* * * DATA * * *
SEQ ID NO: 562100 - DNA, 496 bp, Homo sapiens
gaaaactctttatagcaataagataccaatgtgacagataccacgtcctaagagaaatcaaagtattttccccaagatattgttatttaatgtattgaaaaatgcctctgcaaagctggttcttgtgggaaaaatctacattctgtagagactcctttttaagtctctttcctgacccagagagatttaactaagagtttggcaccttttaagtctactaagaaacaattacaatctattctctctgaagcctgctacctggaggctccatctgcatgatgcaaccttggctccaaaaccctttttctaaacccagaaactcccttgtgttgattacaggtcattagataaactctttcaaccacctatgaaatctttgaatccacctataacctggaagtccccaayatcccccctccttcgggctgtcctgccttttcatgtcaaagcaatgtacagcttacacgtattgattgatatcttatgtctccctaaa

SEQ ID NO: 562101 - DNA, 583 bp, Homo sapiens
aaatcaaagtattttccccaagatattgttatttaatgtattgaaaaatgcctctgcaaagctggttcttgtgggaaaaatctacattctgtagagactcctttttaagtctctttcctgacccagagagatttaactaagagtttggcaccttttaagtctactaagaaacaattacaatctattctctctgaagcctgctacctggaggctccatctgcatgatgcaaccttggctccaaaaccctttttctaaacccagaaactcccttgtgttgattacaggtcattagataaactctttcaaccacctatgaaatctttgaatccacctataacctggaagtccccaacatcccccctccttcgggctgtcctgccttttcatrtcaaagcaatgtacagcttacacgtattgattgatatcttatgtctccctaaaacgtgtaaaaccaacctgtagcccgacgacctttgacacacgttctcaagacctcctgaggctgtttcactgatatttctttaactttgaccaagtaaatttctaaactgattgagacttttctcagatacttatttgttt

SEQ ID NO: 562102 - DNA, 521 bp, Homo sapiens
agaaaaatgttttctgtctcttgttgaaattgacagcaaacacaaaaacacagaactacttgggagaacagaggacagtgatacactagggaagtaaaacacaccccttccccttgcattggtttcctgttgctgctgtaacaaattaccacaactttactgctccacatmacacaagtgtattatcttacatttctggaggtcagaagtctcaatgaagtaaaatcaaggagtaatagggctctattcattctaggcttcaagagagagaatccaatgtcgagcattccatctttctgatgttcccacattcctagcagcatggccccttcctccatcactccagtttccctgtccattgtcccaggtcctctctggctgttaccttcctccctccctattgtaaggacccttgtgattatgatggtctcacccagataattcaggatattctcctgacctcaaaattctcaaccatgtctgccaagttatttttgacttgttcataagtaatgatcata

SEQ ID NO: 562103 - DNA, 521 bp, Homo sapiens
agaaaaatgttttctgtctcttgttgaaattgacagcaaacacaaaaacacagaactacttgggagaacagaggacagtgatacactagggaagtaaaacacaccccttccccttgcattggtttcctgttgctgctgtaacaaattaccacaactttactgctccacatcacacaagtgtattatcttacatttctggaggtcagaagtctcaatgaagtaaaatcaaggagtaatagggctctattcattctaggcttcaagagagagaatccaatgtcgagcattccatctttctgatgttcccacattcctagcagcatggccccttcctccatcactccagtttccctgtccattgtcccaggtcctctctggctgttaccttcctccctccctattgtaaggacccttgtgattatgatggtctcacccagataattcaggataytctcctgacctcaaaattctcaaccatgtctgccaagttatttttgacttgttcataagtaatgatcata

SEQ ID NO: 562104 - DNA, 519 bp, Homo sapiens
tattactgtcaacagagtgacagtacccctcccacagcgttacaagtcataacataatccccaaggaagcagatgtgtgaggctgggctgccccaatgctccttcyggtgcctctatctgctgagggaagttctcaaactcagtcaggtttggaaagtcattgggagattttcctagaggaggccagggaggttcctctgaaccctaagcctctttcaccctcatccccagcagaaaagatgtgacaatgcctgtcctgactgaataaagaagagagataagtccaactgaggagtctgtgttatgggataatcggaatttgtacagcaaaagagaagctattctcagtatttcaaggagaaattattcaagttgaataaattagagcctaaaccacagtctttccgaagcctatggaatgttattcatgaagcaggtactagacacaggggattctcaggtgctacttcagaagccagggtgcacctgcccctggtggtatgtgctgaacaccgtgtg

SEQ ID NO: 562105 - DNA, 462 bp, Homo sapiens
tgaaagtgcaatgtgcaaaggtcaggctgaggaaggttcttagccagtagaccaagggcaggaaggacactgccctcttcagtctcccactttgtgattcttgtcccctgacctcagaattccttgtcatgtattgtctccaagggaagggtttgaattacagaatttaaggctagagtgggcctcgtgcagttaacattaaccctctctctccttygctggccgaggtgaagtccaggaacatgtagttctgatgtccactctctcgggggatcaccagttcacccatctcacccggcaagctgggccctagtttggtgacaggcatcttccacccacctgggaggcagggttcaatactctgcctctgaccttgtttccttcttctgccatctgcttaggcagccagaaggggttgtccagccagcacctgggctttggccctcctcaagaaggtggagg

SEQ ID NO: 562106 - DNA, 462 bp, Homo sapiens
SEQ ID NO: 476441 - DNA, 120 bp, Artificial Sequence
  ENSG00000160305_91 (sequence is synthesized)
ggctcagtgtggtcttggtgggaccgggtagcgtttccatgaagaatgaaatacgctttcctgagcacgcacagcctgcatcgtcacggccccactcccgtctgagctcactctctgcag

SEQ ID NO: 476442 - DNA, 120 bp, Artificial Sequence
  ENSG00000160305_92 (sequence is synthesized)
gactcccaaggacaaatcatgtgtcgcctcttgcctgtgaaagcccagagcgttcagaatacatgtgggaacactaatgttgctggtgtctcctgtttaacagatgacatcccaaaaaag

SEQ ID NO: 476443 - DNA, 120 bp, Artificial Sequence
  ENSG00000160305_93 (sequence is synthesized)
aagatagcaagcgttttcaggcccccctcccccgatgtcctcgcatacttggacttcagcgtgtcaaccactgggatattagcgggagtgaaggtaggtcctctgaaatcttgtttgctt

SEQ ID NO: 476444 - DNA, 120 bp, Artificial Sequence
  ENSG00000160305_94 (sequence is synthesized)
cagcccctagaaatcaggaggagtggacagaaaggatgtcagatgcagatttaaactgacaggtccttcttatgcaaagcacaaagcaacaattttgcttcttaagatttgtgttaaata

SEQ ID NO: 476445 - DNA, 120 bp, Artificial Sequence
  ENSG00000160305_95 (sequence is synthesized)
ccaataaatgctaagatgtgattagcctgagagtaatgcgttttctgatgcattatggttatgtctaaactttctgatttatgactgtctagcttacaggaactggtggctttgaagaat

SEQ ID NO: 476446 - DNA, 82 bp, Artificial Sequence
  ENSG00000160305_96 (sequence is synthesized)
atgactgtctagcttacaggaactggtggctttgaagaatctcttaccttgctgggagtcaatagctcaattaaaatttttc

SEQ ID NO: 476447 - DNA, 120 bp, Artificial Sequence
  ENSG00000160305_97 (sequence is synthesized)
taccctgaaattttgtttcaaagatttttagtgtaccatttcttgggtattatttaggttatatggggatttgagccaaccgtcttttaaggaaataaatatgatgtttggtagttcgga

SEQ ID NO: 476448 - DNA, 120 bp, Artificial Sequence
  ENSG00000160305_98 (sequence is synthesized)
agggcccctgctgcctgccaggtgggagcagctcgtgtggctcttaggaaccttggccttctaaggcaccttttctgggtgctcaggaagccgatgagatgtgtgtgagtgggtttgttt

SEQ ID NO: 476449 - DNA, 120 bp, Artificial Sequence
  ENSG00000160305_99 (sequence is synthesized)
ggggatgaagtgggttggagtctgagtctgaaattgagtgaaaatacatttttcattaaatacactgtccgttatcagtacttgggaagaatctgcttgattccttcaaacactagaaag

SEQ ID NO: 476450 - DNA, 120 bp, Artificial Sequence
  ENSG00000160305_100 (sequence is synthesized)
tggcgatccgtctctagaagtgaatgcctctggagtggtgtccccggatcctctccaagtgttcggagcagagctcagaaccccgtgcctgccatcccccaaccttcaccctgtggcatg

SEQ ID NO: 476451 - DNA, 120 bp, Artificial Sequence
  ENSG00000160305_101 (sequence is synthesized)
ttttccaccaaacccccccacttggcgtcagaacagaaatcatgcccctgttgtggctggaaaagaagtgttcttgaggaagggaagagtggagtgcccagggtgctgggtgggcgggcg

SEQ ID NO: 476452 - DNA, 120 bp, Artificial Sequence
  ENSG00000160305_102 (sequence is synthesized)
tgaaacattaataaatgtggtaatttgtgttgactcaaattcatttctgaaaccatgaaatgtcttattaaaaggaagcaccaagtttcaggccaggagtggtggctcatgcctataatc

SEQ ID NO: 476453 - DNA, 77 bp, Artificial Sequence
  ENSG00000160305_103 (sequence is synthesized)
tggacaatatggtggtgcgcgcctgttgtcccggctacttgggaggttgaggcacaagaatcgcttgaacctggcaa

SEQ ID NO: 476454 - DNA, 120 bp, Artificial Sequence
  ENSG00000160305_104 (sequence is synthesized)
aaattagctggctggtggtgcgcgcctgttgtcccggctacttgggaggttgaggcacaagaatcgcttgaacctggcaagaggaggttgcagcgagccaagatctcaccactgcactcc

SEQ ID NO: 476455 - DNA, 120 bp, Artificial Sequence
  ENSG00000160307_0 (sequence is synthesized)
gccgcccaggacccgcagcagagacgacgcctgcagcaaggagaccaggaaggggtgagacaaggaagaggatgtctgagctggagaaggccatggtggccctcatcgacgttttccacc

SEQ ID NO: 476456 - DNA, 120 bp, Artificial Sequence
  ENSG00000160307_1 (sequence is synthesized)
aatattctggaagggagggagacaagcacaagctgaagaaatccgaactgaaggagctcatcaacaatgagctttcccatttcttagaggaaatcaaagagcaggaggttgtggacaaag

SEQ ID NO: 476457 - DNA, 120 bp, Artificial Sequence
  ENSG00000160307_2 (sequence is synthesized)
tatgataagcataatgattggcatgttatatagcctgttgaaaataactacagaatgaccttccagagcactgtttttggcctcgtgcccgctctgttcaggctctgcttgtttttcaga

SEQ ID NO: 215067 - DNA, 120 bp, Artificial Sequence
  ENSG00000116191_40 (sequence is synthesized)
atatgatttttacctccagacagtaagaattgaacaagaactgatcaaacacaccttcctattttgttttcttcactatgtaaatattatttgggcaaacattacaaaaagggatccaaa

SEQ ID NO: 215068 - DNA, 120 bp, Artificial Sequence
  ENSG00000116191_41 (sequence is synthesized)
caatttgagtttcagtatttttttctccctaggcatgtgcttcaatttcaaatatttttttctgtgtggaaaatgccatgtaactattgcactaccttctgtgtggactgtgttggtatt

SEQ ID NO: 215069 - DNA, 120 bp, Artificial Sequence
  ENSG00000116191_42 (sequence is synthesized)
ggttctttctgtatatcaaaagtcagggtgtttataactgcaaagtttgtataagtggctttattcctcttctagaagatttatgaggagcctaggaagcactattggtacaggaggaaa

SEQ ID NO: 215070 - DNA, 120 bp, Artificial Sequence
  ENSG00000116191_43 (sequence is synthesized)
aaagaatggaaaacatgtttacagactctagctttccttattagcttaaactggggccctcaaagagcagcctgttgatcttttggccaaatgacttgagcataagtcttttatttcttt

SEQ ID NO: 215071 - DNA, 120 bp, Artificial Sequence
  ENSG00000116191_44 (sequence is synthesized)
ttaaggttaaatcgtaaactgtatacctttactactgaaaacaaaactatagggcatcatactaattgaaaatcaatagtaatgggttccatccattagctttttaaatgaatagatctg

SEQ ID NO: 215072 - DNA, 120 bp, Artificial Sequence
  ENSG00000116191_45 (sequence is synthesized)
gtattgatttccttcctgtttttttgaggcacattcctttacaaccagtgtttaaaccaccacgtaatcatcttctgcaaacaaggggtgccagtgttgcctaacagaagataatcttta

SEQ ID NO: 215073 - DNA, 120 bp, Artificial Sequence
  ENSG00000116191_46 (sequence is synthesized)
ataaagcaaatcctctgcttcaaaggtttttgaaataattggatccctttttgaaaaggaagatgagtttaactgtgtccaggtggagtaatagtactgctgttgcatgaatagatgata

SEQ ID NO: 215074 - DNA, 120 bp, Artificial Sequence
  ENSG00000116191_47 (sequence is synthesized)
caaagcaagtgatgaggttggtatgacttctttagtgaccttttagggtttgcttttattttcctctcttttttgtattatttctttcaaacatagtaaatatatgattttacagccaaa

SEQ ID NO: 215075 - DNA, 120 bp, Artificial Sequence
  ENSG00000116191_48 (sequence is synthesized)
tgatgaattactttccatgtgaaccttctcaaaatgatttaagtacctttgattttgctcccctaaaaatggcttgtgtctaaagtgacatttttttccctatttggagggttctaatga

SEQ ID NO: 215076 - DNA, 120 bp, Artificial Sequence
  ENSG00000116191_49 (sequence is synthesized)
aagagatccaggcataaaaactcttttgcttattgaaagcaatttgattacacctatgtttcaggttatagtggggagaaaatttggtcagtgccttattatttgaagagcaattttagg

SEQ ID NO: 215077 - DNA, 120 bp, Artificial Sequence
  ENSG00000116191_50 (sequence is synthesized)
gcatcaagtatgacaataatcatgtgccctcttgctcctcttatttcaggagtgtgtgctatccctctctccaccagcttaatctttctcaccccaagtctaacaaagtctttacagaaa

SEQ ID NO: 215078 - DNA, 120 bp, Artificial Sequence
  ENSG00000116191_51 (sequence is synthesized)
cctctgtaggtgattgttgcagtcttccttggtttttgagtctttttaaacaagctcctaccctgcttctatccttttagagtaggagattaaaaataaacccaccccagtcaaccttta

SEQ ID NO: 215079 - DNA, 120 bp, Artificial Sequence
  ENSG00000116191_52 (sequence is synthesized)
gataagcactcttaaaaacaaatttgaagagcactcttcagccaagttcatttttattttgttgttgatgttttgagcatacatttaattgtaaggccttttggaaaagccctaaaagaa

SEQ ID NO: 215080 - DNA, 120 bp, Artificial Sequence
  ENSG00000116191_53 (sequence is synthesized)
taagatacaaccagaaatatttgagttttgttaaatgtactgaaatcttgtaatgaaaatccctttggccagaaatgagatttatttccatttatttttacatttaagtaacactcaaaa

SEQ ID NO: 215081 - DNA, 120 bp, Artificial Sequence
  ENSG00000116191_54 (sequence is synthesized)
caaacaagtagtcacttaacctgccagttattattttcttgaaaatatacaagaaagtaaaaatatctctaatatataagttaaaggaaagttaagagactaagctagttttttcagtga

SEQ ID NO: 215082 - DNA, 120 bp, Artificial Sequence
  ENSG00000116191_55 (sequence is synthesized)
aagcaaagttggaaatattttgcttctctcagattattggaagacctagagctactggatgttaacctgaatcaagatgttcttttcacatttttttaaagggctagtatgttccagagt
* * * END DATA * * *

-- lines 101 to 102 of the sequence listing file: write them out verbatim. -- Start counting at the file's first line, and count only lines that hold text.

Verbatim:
SEQ ID NO: 215079 - DNA, 120 bp, Artificial Sequence
  ENSG00000116191_52 (sequence is synthesized)